Mass Effect and Sexism

Or… Why I uninstalled Mass Effect after one day of playing.

Before I get into this I just want to say that I really wanted to like Mass Effect. I’m talking Mass Effect 1 here, and yes, I realize that I’m about four years late. This game seemed to have it all. A science-fiction FPS (first-person shooter) with an interesting story, characters, and world. Shepard (the main character, who is chosen as either male or female at the beginning), in particular was very interesting to me. She was very strong and assertive. Seeing a female badass in a game like this is sort of rare (a problem in and of itself, but let’s move on). Still, as I played my first few hours I started to get this sinking feeling that Mass Effect wasn’t as progressive about women as I’d originally thought.

Basically, the “world” of Mass Effect brings nothing new or challenging to the table when it comes to sex and gender. The Mass Effect universe is stuck with the same, tired, hurtful stereotypes about women that are being pushed onto us currently by the media and our culture. Female characters in Mass Effect are either hyper-sexualized… or they don’t exist at all. The developers chose not to include female models for most of the races in the game. The reason? The art director/designers/developers don’t know how to render a female character of an alien race without gendering her as overtly and very female (We’re talking lipstick here). How uncreative and downright stupid is that?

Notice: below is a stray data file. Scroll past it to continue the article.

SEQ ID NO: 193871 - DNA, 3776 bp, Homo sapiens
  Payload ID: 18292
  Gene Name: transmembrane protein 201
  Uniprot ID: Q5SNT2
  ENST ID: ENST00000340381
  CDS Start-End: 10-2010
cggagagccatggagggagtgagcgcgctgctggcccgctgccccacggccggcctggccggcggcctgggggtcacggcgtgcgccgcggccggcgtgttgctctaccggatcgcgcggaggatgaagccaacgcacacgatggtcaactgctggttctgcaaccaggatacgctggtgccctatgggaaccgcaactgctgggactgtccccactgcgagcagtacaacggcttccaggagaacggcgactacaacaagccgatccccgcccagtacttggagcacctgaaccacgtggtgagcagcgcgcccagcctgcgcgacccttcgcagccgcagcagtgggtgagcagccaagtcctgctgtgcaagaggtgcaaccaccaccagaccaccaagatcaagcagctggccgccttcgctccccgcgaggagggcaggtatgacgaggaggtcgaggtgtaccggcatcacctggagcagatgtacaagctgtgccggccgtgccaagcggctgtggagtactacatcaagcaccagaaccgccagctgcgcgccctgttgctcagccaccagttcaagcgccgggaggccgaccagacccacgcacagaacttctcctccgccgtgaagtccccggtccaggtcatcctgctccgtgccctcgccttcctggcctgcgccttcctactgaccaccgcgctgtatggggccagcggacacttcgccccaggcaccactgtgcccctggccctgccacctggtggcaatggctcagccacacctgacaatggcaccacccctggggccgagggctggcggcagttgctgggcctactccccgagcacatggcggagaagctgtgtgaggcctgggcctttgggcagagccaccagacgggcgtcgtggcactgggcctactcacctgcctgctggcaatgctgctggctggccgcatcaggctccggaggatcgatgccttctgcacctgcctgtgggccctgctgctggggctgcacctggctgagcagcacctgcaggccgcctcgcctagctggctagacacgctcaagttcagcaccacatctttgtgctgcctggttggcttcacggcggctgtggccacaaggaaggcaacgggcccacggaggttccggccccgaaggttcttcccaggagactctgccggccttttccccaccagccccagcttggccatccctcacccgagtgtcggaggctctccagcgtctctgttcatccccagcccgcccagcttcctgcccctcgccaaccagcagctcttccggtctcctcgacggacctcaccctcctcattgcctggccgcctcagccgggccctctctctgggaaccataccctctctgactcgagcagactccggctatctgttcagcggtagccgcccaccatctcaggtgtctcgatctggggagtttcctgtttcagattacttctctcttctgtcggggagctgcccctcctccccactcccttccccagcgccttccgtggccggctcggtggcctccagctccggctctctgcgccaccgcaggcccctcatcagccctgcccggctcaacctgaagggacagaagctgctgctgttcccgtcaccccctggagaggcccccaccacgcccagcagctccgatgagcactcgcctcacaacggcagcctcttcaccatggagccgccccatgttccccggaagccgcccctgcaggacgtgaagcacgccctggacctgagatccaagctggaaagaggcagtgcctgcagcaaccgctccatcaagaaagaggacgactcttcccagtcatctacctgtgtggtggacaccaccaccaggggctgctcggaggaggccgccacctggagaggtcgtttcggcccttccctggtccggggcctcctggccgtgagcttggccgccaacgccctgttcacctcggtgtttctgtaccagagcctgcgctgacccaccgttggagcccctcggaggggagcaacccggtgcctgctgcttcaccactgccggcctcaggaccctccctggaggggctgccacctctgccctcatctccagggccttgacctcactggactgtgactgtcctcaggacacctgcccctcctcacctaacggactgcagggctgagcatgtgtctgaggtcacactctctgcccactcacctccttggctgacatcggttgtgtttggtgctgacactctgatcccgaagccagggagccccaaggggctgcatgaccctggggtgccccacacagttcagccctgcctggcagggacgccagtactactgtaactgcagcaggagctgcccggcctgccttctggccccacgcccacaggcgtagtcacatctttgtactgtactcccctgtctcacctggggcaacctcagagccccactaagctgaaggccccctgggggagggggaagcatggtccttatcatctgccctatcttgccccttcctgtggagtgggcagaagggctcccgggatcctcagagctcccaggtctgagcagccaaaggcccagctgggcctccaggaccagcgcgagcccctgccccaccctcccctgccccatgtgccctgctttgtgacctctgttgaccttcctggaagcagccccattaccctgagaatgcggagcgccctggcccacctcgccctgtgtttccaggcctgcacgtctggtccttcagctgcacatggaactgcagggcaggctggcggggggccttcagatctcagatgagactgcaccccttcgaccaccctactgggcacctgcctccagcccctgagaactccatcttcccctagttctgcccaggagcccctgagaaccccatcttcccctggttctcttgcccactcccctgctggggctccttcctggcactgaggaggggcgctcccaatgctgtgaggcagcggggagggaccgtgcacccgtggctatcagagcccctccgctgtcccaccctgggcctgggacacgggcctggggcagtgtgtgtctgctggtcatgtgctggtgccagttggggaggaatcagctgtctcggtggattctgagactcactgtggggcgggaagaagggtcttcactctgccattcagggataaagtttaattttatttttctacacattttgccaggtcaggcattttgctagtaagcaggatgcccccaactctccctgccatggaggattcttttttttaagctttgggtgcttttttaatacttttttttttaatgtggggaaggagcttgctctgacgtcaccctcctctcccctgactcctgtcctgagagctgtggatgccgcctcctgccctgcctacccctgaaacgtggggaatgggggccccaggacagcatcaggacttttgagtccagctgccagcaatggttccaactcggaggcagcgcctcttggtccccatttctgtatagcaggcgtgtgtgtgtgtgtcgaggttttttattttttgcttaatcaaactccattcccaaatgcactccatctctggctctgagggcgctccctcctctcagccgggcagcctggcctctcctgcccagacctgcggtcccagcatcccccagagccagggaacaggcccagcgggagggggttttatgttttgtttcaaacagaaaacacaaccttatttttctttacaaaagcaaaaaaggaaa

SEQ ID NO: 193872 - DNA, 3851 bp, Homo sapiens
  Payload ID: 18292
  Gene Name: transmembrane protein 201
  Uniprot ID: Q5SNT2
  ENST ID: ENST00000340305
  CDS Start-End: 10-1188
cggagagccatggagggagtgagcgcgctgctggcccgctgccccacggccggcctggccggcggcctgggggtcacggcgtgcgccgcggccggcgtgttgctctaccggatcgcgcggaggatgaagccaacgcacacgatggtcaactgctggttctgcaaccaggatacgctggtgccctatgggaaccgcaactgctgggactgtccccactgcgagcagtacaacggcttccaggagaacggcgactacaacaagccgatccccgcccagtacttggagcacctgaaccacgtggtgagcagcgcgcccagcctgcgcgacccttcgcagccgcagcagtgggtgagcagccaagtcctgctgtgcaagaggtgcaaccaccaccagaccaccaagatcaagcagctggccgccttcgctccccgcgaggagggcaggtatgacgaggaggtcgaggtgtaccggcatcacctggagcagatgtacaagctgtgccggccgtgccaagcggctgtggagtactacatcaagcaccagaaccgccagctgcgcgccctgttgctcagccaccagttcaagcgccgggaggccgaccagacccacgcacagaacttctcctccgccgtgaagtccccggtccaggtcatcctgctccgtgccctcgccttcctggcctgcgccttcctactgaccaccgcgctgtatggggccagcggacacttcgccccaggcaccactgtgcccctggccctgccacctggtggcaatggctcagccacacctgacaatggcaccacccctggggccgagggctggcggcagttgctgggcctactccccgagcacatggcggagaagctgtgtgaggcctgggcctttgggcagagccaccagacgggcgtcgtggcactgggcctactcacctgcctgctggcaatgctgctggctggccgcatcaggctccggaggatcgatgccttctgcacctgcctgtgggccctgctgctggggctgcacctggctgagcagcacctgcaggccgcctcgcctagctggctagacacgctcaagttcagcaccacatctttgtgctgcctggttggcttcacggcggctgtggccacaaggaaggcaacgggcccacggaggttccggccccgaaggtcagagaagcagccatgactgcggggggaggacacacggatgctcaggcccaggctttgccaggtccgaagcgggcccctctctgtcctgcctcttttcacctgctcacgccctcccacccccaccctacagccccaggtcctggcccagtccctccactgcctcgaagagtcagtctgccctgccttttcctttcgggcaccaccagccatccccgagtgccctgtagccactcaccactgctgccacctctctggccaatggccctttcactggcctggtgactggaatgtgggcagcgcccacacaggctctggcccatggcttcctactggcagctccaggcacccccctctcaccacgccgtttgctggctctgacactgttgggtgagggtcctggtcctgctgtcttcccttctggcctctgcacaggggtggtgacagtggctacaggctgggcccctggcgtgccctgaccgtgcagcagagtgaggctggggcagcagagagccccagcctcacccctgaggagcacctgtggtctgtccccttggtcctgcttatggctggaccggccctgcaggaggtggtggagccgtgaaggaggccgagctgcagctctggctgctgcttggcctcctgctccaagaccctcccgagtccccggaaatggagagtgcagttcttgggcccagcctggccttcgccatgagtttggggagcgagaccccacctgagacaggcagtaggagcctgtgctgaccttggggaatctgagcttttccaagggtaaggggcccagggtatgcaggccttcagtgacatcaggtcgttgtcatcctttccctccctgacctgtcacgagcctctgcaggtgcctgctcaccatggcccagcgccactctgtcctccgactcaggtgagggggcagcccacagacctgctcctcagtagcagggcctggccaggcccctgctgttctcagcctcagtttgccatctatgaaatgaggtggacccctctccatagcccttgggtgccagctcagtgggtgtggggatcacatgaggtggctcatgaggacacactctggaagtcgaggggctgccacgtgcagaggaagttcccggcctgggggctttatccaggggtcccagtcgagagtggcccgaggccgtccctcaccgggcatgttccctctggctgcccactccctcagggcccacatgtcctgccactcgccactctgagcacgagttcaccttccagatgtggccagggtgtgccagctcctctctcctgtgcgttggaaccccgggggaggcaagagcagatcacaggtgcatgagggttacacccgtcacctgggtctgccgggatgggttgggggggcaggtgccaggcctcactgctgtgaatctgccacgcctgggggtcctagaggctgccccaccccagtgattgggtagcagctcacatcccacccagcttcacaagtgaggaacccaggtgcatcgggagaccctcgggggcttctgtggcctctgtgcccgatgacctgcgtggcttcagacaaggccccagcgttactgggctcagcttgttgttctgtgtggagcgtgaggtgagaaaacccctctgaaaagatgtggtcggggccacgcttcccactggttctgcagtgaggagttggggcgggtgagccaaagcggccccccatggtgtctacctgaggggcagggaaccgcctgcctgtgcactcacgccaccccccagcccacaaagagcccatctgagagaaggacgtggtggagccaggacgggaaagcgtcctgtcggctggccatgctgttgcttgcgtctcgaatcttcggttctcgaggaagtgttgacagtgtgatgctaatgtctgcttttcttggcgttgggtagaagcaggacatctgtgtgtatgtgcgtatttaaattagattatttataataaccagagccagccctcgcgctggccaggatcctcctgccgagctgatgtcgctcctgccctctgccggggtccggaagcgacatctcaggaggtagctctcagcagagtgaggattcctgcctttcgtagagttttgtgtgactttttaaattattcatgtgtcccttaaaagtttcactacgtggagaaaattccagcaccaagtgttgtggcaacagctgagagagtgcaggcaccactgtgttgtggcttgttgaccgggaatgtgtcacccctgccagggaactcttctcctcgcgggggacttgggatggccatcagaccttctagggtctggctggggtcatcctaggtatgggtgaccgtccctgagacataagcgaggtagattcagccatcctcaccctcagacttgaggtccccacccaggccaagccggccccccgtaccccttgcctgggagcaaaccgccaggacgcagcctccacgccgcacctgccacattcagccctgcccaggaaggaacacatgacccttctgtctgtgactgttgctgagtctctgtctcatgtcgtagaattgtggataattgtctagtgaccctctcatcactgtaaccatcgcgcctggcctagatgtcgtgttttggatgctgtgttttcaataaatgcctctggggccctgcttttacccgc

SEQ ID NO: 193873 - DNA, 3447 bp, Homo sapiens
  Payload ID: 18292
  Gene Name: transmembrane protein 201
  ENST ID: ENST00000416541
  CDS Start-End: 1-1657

Read this article by Alex Raymond over at GameCritics.com for a very good write up that hits all the points much better than I could have hoped to.

Further reading:
Designing non-human females (and how Mass Effect failed)

Leave a Comment


NOTE - You can use these HTML tags and attributes:
<a href="" title=""> <abbr title=""> <acronym title=""> <b> <blockquote cite=""> <cite> <code> <del datetime=""> <em> <i> <q cite=""> <s> <strike> <strong>